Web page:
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WANEP in collaboration with AWANIch and support from Urgent Action Fund (UAF) Africa and the Swedish  International Development Agency (SIDA) organized a 2-day regional consultative meeting for Women groups across West Africa to deliberate and strategize on the crisis in CI. The theme of the meeting was ‘Stop Killing Women’. The meeting sought to analyze the crisis and the role of women in addressing the post-conflict issues. Lessons learnt from the actions and interventions of WIPNET and MARWOPNET helped tremendously to map out action plans in the short, medium and long term. At the end of the meeting, a Statement was presented through the good offices of Her Excellency, Ellen Johnson-Sirleaf, the President of Liberia, to ECOWAS and AU.

Click on this link to see confab in pictures

Download file to read full statement: "West Africa Women’s Statement on the Ivorian Political Crisis"

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Download this file (pr_wa_women_ci_crisis_7_april_2011_fr.pdf)pr_wa_women_ci_crisis_7_april_2011_fr.pdfRapport des femmes d'Afrique de l'Ouest sur la crise politique ivoirienne336 Kb

March 2011: -- ECOWAS-WANEP Partnership

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On March 11, 2011 the regional secretariat of WANEP and its national network in Nigeria held a debriefing session with the ECOWAS Early Warning Directorate (EWD) at the headquarters of the ECOWAS Commission in Abuja, Nigeria. The two institutions had extensive discussions on the peace and security situation in the sub-region with particular emphasis on the ongoing political crisis in Cote d’Ivoire and the contribution of civil society organizations towards an appropriate resolution of the crisis.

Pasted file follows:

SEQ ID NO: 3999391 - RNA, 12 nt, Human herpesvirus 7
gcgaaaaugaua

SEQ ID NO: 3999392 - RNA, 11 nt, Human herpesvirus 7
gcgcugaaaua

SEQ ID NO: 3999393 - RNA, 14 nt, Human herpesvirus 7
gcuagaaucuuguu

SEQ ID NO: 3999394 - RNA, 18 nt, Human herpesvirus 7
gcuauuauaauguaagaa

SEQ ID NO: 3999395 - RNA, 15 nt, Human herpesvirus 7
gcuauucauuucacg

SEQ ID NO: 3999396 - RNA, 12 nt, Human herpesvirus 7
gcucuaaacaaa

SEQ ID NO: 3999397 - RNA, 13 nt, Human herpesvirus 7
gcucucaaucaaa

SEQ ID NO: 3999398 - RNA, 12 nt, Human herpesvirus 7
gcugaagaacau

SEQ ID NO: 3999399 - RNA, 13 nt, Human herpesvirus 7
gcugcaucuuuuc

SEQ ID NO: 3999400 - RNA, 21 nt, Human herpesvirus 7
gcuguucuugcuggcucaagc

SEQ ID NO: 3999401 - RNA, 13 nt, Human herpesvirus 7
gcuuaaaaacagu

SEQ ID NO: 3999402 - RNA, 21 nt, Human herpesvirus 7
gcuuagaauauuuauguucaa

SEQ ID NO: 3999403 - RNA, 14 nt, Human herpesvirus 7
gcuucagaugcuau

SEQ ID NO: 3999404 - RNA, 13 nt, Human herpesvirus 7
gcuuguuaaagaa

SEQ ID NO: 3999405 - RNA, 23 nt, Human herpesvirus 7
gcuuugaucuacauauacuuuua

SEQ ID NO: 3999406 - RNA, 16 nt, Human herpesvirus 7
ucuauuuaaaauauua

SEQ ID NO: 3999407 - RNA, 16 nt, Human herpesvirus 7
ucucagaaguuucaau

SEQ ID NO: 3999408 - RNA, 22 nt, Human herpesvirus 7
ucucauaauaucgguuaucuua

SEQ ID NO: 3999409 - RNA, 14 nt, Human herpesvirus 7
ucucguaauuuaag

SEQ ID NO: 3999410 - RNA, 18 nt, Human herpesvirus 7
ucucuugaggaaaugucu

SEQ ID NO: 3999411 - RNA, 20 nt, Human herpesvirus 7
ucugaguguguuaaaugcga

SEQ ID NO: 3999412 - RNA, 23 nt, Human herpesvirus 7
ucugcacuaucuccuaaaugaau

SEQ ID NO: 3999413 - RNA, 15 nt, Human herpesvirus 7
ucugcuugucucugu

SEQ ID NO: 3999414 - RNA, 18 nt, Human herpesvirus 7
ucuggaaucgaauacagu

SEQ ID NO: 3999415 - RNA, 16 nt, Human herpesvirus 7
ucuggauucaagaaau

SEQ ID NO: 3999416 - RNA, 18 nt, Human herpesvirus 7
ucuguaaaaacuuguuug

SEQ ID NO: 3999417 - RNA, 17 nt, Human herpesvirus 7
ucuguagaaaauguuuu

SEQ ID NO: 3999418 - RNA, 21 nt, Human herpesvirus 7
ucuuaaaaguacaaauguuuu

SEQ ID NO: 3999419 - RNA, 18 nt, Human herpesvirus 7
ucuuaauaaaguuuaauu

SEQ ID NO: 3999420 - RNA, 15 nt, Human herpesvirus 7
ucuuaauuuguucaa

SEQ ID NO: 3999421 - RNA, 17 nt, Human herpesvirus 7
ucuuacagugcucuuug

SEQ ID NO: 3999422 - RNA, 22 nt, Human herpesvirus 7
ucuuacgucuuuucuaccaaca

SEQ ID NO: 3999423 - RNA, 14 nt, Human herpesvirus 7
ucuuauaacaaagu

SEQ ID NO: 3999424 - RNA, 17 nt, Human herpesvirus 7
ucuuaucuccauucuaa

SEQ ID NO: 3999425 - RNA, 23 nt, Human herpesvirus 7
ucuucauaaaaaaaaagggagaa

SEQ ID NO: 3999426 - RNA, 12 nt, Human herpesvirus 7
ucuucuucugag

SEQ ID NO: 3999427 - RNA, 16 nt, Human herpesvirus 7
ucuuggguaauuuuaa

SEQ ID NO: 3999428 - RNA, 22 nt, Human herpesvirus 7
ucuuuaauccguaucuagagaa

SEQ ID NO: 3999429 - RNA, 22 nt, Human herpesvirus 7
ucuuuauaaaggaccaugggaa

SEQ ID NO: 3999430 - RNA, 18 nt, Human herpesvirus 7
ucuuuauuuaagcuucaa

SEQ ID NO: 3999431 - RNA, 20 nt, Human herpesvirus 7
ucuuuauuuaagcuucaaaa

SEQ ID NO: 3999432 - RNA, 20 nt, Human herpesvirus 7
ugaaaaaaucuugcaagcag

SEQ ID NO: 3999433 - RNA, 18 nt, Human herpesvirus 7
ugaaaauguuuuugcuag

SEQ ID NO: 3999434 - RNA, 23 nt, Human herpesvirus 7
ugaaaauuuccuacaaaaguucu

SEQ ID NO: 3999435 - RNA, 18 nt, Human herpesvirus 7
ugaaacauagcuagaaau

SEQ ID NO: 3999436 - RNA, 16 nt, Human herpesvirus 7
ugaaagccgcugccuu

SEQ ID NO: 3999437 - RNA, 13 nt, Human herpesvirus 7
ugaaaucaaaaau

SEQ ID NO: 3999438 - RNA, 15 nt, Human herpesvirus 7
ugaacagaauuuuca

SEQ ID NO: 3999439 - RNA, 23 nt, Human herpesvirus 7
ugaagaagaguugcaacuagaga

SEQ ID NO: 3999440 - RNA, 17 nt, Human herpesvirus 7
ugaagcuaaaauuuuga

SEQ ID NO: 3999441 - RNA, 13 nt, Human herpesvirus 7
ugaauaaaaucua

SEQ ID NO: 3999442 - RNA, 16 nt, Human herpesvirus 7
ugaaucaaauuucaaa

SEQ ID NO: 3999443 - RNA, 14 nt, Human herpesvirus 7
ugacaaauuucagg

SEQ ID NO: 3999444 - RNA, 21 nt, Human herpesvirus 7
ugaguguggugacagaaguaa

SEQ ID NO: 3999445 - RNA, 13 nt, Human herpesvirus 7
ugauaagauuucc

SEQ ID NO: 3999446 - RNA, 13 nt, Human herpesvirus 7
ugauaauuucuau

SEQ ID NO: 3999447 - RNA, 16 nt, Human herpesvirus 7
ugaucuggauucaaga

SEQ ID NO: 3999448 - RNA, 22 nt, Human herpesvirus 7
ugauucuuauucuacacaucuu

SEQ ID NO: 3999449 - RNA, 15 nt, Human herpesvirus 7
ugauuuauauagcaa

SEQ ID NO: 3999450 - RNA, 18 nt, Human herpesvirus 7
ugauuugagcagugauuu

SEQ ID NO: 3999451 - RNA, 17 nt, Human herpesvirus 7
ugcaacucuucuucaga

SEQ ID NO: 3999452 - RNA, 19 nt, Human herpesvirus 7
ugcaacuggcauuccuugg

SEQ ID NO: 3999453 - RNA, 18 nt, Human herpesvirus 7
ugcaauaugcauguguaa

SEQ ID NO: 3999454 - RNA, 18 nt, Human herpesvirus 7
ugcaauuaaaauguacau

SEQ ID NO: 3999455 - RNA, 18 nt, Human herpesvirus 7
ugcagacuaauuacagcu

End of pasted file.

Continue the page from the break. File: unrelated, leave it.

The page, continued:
The debriefing session was held within the framework of the Memorandum of Understanding (MOU) between the ECOWAS Commission and WANEP in the operationalisation of a sub-regional early warning and response system in West Africa. The historic partnership of ECOWAS-WANEP, which dates back eight years, serves as an important medium for civil society’s interfacing with the intergovernmental body.

"We continue to appreciate the availability of WANEP in this very unique partnership and hope that they will do all within its powers to resuscitate the position of the Liaison Officer which helps to make the relationship even tighter"
Mrs. Florence Iheme – Ag. Director EDW

Regional Action on the target of Women in the Ivorian Political Stalemate

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STOP KILLING THE WOMEN NOW!

Introduction
Fighting continued in Côte d'Ivoire, the world’s top cocoa producer, on December 16, 2010, women were detained for having planned a peaceful march for the liberation of the RTI (meaning in full). Since 28th November 2010 the political stalemate deepened following the run-off elections and Côte d'Ivoire has descended from its position as a beacon of socio-economic stability in Africa to being one of the continent's most intransigent crises. The political and social climate is dangerously polarized and characterized by intolerance, xenophobia and suspicion. The issues at the heart of the Ivorian conflict-the refusal of the incumbent President Gbagbo to cede his position following declaration of the presidential round off where Allassane Ouattara was declared the winner of the elections -continue unabated.

Download file to read full concept paper

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March 2011 - Press Release [Urgent Call on ECOWAS, AU and UN to Act NOW]

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Accra, 24th March 2011 - The deteriorating humanitarian and security situation in Cote d’Ivoire calls for urgent action from the Economic Community of West African States (ECOWAS), the African Union and the International Community under the leadership of the United Nations to stop the killings of innocent civilians especially women and children and the massive displacements of the population. As the Heads of State of ECOWAS meet in Abuja on 23rd and 24th March 2011, there is an urgent need for collective action and a unified position on the resolution of the Ivorian crisis and the protection of the civilian population. .........